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Next Challenge: Meeting Demand for Primary Care

By John Reichard, CQ HealthBeat Editor

April 16, 2010 -- Lawmakers worked very hard this session to guarantee Americans access to health insurance under the new overhaul law, but they'd better not relax now if they want to make sure Americans actually get the care they need.

Several provisions of the law (PL 111-148) were written to prepare for an expected surge in demand for primary care when millions of uninsured Americans get insurance cards in 2014.

But because a number of those programs must be funded through annual appropriations, primary care champions such as Rep. Henry A. Waxman, D-Calif., will have to keep an eye on the programs to make sure they get enough money. If not, consumers' complaints about difficulties finding a doctor, which analysts say are inevitable anyway as coverage expands, will only grow a lot worse.

Sick as they might be of all things health care, lawmakers will have to vote for billions in spending beyond the almost $1 trillion the law is already expected to cost in the next decade.

"Primary care" refers to treatment that takes care of all medical problems except those too rare for the physician involved to maintain competence. It's delivered through general internists, general pediatricians, and family physicians who, ideally, keep close tabs on a patient over many years and can prevent, delay, or lessen complications from major illnesses.

A Surfeit of Specialists
Experts say it's the type of care that too often is missing from the American health system with its surfeit of specialists relying on expensive tests and procedures and their responsibility for specific parts of the body and diseases rather than the overall well-being of the patient. And its absence has consequences.

"Infant mortality goes up, life expectancy goes down, and all these things are demonstrable, they don't take long to occur," says Barbara Starfield, a professor and primary care researcher at Johns Hopkins University.

University of Missouri researchers in 2008 predicted a shortfall of up to 44,000 doctors by 2025 to meet adult primary care needs. That was before the new law. With so many Americans gaining coverage in the next decade, that estimate is now low, says Robert Doherty, an official with the American College of Physicians.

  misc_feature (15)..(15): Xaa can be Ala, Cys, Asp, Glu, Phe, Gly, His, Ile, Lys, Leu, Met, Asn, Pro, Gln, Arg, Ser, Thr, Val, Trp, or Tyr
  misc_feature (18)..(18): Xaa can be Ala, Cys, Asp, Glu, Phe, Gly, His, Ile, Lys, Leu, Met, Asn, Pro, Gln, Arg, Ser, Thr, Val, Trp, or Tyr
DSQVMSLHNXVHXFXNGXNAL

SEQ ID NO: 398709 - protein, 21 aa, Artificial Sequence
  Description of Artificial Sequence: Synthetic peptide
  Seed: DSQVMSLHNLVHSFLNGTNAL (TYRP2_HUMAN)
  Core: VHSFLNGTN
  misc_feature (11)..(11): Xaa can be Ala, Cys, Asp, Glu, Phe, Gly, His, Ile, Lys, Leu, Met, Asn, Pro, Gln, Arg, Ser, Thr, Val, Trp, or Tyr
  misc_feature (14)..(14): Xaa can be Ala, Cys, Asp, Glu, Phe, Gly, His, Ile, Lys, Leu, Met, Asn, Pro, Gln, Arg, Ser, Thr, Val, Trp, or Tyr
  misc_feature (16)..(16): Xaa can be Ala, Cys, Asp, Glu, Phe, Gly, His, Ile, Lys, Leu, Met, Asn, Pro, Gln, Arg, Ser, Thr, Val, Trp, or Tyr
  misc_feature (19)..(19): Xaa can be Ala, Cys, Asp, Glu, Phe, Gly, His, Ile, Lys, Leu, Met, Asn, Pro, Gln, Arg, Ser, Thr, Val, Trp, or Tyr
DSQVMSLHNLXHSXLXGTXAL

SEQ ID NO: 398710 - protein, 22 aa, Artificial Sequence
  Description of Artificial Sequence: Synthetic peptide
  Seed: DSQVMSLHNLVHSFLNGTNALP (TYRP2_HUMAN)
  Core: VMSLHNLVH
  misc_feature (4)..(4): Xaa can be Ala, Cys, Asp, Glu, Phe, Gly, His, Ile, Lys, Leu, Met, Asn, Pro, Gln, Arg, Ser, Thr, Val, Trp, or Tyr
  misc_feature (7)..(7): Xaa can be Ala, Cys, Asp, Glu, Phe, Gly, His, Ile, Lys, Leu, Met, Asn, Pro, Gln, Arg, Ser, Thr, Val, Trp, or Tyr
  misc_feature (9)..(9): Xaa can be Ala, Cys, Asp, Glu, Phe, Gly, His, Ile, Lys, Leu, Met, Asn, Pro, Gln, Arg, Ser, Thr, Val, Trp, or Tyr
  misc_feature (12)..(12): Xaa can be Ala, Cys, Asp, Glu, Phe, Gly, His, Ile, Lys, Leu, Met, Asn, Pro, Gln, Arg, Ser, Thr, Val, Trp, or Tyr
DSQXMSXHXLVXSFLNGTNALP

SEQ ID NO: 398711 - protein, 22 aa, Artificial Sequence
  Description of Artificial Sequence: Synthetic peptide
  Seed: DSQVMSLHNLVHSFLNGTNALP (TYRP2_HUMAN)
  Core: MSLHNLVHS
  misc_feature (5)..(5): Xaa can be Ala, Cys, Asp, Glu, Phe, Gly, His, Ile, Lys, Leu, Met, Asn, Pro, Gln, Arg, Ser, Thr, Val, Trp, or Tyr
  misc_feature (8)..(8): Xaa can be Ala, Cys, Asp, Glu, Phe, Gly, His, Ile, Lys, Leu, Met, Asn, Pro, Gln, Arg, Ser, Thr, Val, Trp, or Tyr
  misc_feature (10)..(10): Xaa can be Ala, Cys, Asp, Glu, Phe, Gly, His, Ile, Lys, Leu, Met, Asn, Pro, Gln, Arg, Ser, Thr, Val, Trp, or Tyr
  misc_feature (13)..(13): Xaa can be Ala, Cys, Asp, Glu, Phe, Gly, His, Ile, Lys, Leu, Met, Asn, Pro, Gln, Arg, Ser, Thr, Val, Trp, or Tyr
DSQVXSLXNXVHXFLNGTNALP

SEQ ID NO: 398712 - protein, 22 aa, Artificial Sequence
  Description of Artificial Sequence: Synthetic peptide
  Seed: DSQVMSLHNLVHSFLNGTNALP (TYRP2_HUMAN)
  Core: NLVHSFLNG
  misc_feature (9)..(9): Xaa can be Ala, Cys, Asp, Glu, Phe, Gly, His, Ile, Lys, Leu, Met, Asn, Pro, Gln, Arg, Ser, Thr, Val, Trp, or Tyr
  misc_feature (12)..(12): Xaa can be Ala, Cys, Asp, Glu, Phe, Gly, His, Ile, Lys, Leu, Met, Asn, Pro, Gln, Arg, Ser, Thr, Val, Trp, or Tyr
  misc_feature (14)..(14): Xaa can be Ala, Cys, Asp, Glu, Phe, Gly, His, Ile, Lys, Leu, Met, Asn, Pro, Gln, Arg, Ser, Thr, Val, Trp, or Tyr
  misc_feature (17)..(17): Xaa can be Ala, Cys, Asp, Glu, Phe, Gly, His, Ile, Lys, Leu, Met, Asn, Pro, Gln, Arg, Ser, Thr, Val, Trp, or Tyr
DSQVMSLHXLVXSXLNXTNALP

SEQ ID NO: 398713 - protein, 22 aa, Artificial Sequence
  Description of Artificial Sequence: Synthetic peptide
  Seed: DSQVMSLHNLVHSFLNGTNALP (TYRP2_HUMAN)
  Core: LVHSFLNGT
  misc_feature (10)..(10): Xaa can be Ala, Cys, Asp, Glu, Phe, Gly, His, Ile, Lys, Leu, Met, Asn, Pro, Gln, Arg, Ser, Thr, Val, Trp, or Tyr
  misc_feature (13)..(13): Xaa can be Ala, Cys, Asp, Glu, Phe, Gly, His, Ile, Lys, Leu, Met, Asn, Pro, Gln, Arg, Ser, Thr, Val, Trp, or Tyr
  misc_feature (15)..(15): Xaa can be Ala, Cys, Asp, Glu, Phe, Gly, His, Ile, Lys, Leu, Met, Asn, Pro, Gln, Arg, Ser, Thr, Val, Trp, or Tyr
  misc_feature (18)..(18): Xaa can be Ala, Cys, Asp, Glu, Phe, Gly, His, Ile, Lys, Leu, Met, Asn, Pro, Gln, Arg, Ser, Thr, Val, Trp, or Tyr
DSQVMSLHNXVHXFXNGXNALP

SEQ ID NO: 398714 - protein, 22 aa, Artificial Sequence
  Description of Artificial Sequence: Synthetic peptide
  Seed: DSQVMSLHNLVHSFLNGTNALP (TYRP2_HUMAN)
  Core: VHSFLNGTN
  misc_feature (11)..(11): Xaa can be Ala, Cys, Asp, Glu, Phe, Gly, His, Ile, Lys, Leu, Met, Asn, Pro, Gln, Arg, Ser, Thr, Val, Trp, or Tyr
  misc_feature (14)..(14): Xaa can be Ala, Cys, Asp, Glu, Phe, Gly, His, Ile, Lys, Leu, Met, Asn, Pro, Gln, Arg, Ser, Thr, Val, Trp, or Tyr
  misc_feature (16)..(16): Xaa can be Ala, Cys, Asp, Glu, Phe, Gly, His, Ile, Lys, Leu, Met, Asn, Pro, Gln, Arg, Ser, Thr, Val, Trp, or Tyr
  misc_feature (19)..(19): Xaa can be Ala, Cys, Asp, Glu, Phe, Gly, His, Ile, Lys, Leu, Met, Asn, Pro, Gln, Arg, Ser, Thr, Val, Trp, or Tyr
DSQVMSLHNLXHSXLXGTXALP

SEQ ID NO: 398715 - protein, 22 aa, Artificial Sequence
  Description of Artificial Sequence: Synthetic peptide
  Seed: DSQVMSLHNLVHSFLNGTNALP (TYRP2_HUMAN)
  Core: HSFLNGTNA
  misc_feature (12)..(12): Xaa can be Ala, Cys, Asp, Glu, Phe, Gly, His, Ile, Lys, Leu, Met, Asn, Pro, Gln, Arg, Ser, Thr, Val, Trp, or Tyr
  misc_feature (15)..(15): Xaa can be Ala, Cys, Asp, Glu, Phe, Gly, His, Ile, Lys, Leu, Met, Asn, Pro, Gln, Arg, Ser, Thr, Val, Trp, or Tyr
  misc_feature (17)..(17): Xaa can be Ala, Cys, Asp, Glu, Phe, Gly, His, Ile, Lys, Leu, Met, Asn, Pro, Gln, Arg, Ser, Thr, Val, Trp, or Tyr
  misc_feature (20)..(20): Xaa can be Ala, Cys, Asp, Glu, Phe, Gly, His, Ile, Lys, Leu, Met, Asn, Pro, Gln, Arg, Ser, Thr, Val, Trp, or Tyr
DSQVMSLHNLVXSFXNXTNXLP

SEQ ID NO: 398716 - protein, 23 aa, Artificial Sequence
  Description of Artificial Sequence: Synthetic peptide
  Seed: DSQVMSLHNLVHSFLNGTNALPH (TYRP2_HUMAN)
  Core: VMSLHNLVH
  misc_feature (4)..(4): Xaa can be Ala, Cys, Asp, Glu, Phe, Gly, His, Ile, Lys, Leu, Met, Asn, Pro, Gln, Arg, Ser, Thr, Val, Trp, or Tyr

When 440,000 Massachusetts residents gained coverage under that state's 2006 overhaul law, primary care too often wasn't available. Access remains difficult, according to a September 2009 survey by the Massachusetts Medical Society. The percentage of family medicine doctors no longer taking new patients increased from 30 percent in 2007 to 40 percent in 2009. And the percentage of internal medicine doctors no longer accepting new patients grew from 49 percent to 56 percent. On average, new patients had to wait 44 days for appointments in 2009.

Doherty says the new law will ease the crunch nationally by expanding primary care training in medical schools, creating more residency slots in primary care, and boosting Medicare and Medicaid payments to primary care physicians.

He says the rewards of primary care will become more apparent as training shifts into community health centers.

A big expansion of the National Health Service Corps and of community health centers will allow many more students to enter primary care by subsidizing their education costs if they practice for a time in medically underserved areas, Doherty adds.

Programs to boost the "medical home" concept will help further a more team-oriented approach to managing patients who are chronically ill and create new revenue streams for physicians. Provisions to streamline payment transactions with insurers will also help keep older primary care doctors in practice, he says.

But Lori J. Heim, president of the American Academy of Family Physicians, says that fewer than half of family physicians will get the 10 percent bump in Medicare payments under the law because its definition of primary care is too tight. And a provision to boost very low Medicaid payment rates to higher Medicare levels isn't as attractive as it seems because of the perpetual threat of physician payment cuts in Medicare.

To keep this mix of primary care policies in place, lawmakers will have to approve tens of billions in new spending in the next decade. For example, the Medicaid rate hike is only in 2013 and 2014 — but over ten years its cost would total $57 billion.

The cost underscores the importance of provisions of the law to save money by encouraging research identifying which medical treatments actually work, says Ann S. O'Malley, a primary care analyst with the Center for Studying Health System Change.

Whatever the limits of the primary care provisions, Heim says they are a platform on which Congress can build. Starfield said a similar mix of policies adopted by lawmakers in 1976 fueled a decade of growth in primary care, and she sees signs that young medical students are beginning to respond to the new signals Congress is sending.

"This year for the first time in many years residency positions in family medicine are over 90 percent filled. Amazing," she said.

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